If you run an online business then you have probably heard of a content delivery network, or CDN for short. A CDN speeds up your site immensely by loading the contents of your website from a network of servers, rather than just one server.
The biggest CDN provider is Cloudflare. I put one of my sites on Cloudflare several months ago after joining the Ezoic ad network.
Everything was fine and dandy for awhile until a couple of months ago when I started getting Cloudflare 520 and 522 error messages that look like this:
The weird thing is that my site was fine for the most part. I only got this message when I tried to log in or was in the WordPress dashboard.
So didn’t think anything of it as it wasn’t that bad initially. Then I finally got around to asking my web host about it when it happened more often.
So my host checked the logs and here is what they said:
There it was. The answer. I was getting the Cloudflare 520/522 error when trying to login because my website was the victim of a brute force attack. And it happens more and more often because my website was getting bigger.
After that I immediately took actions to remedy it.
Actions I Took to Solve the Cloudflare 520/522 Errors on Login Page
1. Installed Wordfence
Yes, I am extremely stupid for not having Wordfence on it in the first place but I thought the my installed login security plugin (Loginizer Security) was good enough. So I installed Wordfence and configured reCaptcha for the login page.
2. Tweaked Loginizer Settings
I found out the default Loginizer settings were a little too generous. Here are the things I changed in Loginizer Security:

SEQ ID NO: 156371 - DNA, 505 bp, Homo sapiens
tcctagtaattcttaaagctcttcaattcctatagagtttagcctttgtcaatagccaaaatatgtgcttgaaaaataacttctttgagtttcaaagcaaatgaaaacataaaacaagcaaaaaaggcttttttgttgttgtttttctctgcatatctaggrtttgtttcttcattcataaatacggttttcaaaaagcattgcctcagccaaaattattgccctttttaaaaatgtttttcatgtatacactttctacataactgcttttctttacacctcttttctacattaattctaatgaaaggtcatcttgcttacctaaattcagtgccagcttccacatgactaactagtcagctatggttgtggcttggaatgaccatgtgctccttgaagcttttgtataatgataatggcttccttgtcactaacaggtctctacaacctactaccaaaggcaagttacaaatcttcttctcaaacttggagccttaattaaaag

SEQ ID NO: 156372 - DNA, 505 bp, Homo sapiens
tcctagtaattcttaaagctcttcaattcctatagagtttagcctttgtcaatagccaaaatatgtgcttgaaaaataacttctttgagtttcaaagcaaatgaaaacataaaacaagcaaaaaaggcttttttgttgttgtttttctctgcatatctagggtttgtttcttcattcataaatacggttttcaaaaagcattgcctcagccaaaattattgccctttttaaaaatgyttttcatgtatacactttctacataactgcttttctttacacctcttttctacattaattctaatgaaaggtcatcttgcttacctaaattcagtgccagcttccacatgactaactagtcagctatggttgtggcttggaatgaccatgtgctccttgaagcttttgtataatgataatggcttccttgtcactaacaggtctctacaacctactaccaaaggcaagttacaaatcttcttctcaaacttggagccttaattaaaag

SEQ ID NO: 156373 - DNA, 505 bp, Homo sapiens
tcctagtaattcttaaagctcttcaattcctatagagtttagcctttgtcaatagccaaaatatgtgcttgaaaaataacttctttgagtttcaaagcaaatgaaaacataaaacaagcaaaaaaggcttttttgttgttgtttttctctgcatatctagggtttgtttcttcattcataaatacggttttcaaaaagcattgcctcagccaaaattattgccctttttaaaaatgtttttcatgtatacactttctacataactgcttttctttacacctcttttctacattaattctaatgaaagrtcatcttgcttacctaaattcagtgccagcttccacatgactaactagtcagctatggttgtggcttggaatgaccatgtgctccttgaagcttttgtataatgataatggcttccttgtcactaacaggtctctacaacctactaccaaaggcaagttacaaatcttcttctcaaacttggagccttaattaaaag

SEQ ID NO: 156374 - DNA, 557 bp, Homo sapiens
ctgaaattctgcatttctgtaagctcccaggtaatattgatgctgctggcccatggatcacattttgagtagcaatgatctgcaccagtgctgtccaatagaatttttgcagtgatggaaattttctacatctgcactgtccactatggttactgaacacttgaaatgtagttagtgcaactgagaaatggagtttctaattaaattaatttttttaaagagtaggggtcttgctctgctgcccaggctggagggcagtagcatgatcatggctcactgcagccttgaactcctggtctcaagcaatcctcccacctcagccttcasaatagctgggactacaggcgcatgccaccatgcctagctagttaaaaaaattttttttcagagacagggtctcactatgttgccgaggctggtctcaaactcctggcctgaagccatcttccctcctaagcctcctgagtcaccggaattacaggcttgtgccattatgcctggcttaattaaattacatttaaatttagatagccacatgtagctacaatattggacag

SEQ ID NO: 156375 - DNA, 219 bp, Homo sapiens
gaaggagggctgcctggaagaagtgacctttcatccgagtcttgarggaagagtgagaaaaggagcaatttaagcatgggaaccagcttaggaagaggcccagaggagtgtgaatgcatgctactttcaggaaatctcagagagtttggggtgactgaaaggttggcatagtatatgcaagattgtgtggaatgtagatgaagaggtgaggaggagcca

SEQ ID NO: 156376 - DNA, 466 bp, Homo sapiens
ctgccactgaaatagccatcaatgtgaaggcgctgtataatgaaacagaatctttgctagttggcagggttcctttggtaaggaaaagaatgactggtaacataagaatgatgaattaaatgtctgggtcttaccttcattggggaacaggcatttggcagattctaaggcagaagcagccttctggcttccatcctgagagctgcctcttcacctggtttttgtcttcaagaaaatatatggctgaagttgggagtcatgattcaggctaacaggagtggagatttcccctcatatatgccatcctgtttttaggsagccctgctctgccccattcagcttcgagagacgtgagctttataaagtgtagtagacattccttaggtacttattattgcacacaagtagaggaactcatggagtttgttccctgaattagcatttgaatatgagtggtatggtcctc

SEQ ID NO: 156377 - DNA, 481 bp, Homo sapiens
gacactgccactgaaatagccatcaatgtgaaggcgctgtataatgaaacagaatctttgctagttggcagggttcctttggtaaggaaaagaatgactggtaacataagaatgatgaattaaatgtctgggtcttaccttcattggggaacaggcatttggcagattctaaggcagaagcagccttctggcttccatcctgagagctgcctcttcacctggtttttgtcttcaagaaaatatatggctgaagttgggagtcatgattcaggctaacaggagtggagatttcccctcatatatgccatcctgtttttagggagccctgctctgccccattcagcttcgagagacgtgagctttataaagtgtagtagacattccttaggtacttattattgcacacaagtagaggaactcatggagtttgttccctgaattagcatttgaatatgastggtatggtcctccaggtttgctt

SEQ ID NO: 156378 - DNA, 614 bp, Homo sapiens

- Lowered Max Retries to 3
- Increased Lockout Time 360 minutes
- Decreased Max Lockouts to 2
3. Change Your WordPress Login URL
I got this tip from GeekFlare.
I downloaded the plugin WPS Hide Login and changed my login url. Once you activate the plugin, the default login is still pretty obvious (yoursitename.com/login/) so be sure to change it to something else if you are using the plugin.
Use Cloadflare’s Under Attack Mode For WordPress Login Pages
In addition to the three steps above, I turned on’ Cloudflare’s Under Attack mode for my login pages (yoursite.com/wp-admin/ and yoursite.com/wp-login.php). When you turn on the Under Attack mode, this is what you see for the page:
Cloudflare gives you the option of turning on the mode on specific pages. I turned it on for the login pages. You can do that with Cloudflare’s Page Rules. Once you are on the Page Rules page, you enter your the login urls of your site and choose Security Level—>I’m Under Attack. See example below:
How To Know If There’s A Brute Force Attack On Your WordPress Site
I am not a techie so without my web host informing me, there was no way to know that the 520/522 errors were the result of my site being attacked.
My web host provider checked the domain logs (domlog) and noticed a big number of POST requests for /wp-login.php. That was what they told me. So if you are noticing this Cloudflare error, I would e-mail your web host to check the logs for this. I am not a server guy so I wouldn’t know what to look for. Knownhost has a pretty extensive article on how to isolate your logs to look for abuse.
To get access and raw logs for your site via Cpanel, you just need to log into your Cpanel and either click Raw Access or Analog Stats.
I hope this article gave you a clue as to what might be going on with your site if you get a Cloudflare 520/522 error when trying to log into your WordPress site. I had the toughest time trying to search for the solution when it was happening to me so I hope this provides you with some insight. Again, your situation might be different than mine and you might not be getting attacked—but I hope this article provides you with a good starting point to investigate your issue.
Additionally, if you are concerned about your privacy and online security, I recommend using a VPN. We compiled a list of 8 free VPNS (with USA IP addresses) for you to choose from.